Remembering Erving Goffman
Seeing the Photographs Erving said, "Do You Think That Those Pictures
Say Anything about Reality? Absolutely not. . ."
This memoir is written by Dr. J. David Sapir, Professor Emeritus at the Department of Anthropology, Virginia University, and it posted in the Goffman Archives with his permission. The extended paper from which this excerpt is taken can be found on this page, http://people.virginia.edu/~ds8s/WE-documentarystyle.pdf.
My reading in preparation for this symposium led me to an essay by Max Kozloff a writer on photography (one of the more sensible ones)—which appeared in Art in America in 1980 (collected in his The Privileged Eye). The article reports the substance of a conference that took place in New Haven, Connecticut in 1979 (The Voices in Photographic Criticism Symposium, October, 1979). Kozloff noted the divided nature of the group where each member was intent on defending his or her particular critical turf. The lack of common voice disappointed Kozloff though he reported hearing "brief scraps of open-minded comment, and three talks in which common sense took sail." One of the talks "demonstrated that information and expression are inseparable in photographic statements." That talk was given by Howard Becker. I believe that the best way to come to a gloss on Walker's "documentary style" is to run with Becker's observation. For Walker Evans, surely, the style and the subject are one an inseparable.
Although Kozloff singled out Becker and a couple of others for praise, he devoted much of his report to those who in one way or another denied, in contrast to Becker, the factualness of photographs ... Joel Synder saying that "Carlyle was there for Mrs. Cameron - where else would he be?---but her metaphors were the only things that counted." For me, the comments by Erving Goffman, who was there to comment on Becker, are most interesting. Goffman, an uncanny observer of public interaction, took a particularly hard line. To quote Kozloff's report:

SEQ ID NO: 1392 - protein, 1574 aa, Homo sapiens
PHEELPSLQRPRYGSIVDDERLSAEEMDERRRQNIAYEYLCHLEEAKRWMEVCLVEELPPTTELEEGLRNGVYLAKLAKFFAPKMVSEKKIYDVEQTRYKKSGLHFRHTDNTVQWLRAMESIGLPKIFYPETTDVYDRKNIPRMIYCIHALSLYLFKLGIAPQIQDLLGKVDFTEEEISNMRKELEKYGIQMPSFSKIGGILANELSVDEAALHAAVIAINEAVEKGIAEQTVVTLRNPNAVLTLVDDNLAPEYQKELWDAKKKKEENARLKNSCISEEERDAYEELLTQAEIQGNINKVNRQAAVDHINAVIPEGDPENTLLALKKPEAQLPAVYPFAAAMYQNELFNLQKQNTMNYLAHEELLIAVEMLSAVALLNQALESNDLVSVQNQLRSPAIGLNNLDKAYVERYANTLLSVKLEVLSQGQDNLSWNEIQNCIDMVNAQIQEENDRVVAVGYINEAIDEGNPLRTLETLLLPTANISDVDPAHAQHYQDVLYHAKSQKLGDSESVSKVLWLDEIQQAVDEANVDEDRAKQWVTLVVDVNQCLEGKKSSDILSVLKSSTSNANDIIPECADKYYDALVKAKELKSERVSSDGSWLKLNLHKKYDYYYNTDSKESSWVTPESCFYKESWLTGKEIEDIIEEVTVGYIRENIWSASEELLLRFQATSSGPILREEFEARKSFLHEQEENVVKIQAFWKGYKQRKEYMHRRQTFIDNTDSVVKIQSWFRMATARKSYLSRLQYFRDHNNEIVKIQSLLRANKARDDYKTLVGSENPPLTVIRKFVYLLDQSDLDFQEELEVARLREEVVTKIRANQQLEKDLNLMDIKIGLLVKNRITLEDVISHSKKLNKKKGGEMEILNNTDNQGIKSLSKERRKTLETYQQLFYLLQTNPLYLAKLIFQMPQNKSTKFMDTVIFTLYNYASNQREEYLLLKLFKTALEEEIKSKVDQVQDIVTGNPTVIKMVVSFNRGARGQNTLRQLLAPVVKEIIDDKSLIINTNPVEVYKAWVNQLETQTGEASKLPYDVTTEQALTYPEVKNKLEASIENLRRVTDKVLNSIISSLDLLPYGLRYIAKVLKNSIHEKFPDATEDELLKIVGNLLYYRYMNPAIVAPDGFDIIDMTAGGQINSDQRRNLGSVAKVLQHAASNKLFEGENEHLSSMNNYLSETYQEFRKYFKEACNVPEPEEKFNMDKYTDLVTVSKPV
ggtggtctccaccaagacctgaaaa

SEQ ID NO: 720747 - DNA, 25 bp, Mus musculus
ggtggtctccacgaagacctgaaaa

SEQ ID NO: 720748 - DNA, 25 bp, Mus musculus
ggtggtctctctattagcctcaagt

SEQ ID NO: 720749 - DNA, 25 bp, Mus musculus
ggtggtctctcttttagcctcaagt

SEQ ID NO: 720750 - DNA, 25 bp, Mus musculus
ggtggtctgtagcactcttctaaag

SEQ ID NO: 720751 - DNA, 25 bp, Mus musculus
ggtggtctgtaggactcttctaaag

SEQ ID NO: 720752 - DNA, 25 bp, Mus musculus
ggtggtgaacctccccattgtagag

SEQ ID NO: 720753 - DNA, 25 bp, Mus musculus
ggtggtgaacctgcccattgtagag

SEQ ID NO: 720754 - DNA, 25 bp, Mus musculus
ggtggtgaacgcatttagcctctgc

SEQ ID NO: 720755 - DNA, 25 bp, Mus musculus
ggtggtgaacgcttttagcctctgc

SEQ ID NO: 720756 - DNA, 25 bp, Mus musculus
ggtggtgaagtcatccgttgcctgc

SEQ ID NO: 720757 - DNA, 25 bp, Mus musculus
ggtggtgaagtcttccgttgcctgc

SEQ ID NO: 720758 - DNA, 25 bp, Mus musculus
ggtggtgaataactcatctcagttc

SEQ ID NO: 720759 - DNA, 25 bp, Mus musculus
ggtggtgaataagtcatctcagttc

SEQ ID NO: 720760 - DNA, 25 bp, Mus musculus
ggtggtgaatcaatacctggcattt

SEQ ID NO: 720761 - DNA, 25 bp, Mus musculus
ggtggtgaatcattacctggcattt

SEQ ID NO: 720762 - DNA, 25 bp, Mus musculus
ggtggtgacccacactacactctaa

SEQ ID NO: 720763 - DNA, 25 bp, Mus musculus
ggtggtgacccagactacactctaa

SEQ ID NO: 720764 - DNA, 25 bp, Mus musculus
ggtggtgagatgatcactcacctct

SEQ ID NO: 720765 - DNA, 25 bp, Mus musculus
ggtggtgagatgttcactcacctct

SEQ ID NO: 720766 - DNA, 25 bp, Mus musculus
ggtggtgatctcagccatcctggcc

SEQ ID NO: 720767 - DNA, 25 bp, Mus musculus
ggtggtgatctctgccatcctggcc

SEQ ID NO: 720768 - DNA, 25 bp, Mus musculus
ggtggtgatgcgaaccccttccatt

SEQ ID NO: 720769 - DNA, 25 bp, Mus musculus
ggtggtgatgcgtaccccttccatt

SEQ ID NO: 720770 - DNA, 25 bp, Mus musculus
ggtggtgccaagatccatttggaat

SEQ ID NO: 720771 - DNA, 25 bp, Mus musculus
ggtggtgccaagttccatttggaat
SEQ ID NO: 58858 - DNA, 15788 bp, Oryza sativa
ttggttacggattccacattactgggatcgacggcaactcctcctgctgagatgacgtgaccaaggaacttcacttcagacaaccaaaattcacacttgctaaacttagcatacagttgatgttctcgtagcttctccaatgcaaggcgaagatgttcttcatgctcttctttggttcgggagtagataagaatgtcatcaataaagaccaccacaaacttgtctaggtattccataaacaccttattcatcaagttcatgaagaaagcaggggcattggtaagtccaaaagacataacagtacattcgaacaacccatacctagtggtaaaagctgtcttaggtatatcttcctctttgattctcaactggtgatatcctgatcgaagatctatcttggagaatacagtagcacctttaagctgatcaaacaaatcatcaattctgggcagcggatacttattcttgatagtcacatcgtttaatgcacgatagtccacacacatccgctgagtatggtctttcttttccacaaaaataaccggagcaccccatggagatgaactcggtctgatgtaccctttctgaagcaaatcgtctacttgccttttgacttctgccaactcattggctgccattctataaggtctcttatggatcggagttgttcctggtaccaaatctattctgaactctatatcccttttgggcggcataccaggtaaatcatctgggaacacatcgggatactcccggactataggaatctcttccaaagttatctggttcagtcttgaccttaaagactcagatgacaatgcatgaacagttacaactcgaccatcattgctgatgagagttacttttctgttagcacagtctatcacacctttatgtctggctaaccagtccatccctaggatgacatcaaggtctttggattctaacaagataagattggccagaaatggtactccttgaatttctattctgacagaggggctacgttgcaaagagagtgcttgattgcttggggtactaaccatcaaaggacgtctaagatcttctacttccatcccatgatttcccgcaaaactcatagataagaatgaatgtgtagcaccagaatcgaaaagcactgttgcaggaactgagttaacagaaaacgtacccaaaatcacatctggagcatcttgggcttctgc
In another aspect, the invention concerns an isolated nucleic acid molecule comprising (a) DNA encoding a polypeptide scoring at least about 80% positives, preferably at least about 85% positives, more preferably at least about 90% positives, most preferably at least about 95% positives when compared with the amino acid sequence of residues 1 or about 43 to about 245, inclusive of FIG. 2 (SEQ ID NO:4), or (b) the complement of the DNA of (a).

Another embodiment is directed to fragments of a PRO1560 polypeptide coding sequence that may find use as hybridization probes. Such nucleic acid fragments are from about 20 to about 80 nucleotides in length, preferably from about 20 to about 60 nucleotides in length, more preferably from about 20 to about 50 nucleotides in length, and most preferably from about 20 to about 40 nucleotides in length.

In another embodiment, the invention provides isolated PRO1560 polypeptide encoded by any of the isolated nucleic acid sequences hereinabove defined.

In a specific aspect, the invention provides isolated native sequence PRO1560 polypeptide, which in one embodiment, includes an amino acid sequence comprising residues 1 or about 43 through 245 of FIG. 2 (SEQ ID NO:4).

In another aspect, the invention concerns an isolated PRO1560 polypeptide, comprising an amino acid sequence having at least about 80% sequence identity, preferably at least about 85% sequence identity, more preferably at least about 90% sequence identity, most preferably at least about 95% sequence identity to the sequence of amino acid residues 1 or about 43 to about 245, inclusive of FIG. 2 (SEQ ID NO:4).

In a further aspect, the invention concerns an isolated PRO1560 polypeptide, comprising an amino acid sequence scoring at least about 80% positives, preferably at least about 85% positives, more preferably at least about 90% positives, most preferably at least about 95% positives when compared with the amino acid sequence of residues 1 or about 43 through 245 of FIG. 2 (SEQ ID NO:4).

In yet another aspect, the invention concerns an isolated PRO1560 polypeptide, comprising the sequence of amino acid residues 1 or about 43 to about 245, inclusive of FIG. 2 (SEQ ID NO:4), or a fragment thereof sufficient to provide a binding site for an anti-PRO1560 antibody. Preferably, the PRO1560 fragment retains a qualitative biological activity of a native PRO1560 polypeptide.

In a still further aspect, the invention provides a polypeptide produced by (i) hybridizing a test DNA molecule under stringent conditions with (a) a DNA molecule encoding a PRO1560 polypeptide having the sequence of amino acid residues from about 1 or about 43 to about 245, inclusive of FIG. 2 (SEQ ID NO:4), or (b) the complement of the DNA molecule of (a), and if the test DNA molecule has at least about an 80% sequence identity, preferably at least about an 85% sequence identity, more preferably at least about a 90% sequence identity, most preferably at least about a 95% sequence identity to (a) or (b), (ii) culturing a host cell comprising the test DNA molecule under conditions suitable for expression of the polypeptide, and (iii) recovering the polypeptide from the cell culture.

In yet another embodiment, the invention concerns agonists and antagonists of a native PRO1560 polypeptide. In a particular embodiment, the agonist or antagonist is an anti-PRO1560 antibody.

"The sociologist Erving Goffman outflanked all the other participants, not only in his use of technical language, but in the "hardness" of his criteria for accepting photographic knowledge. With his insistence that science is science and that we all tend to over-read photos, he retroactively stiffened what was already an ungenerous attitude toward image content."
Let me insert an antidote. Seven years before the New Haven conference I had a show at the University of Pennsylvania's University Museum of about 100 of my Jóola (Senegal, West Africa) photos. After the show was over the photos returned home to sit in my living room, where I strung out in a row, about 20 of them, each propped up on the ledge of 36" high wainscot. The photos were bled-mounted (without borders) on Styrofoam board. This followed the old tradition in photojournalism where one photo was said to run into the next.
Erving Goffman (the Goffman of the conference) and Joel Sherzer the ethnolinguist (now at the University of Texas), came to pick me up on the way to dinner. Seeing the photographs: Joel said, “You have a lot of friends here.” Erving said, “Do you think that those pictures say anything about reality? Absolutely not. . .” I recall more the heat than the substance of his harangue. I did not wish to argue simply because I had never troubled myself to ask whether the photos “represented reality” or not. The photos, in their ensemble, said, or rather illustrated or better yet pointed to a something, concerning my African friends, that I never thought to record in words. In fact, that I could scarcely conceive of describing in words. Perhaps the photos caught no more than a “brightening glance.”
In truth, probably the jolt that brought on Erving’s squawk was the mass of photographs walking around the room. I truly believe that Erving was unnerved by the unprotected, unenclosed, unframed, uncontrolled photographs that were simply there. In contrast, I had on the wall several Edward Weston’s appropriately framed (Guadeloupe, the Cabbage Leaf and a sitting Charis Wilson nude.). After attacking my wandering Africans he turned to the Weston’s, and with sly, but genuine, relief said, “Ah, Art!”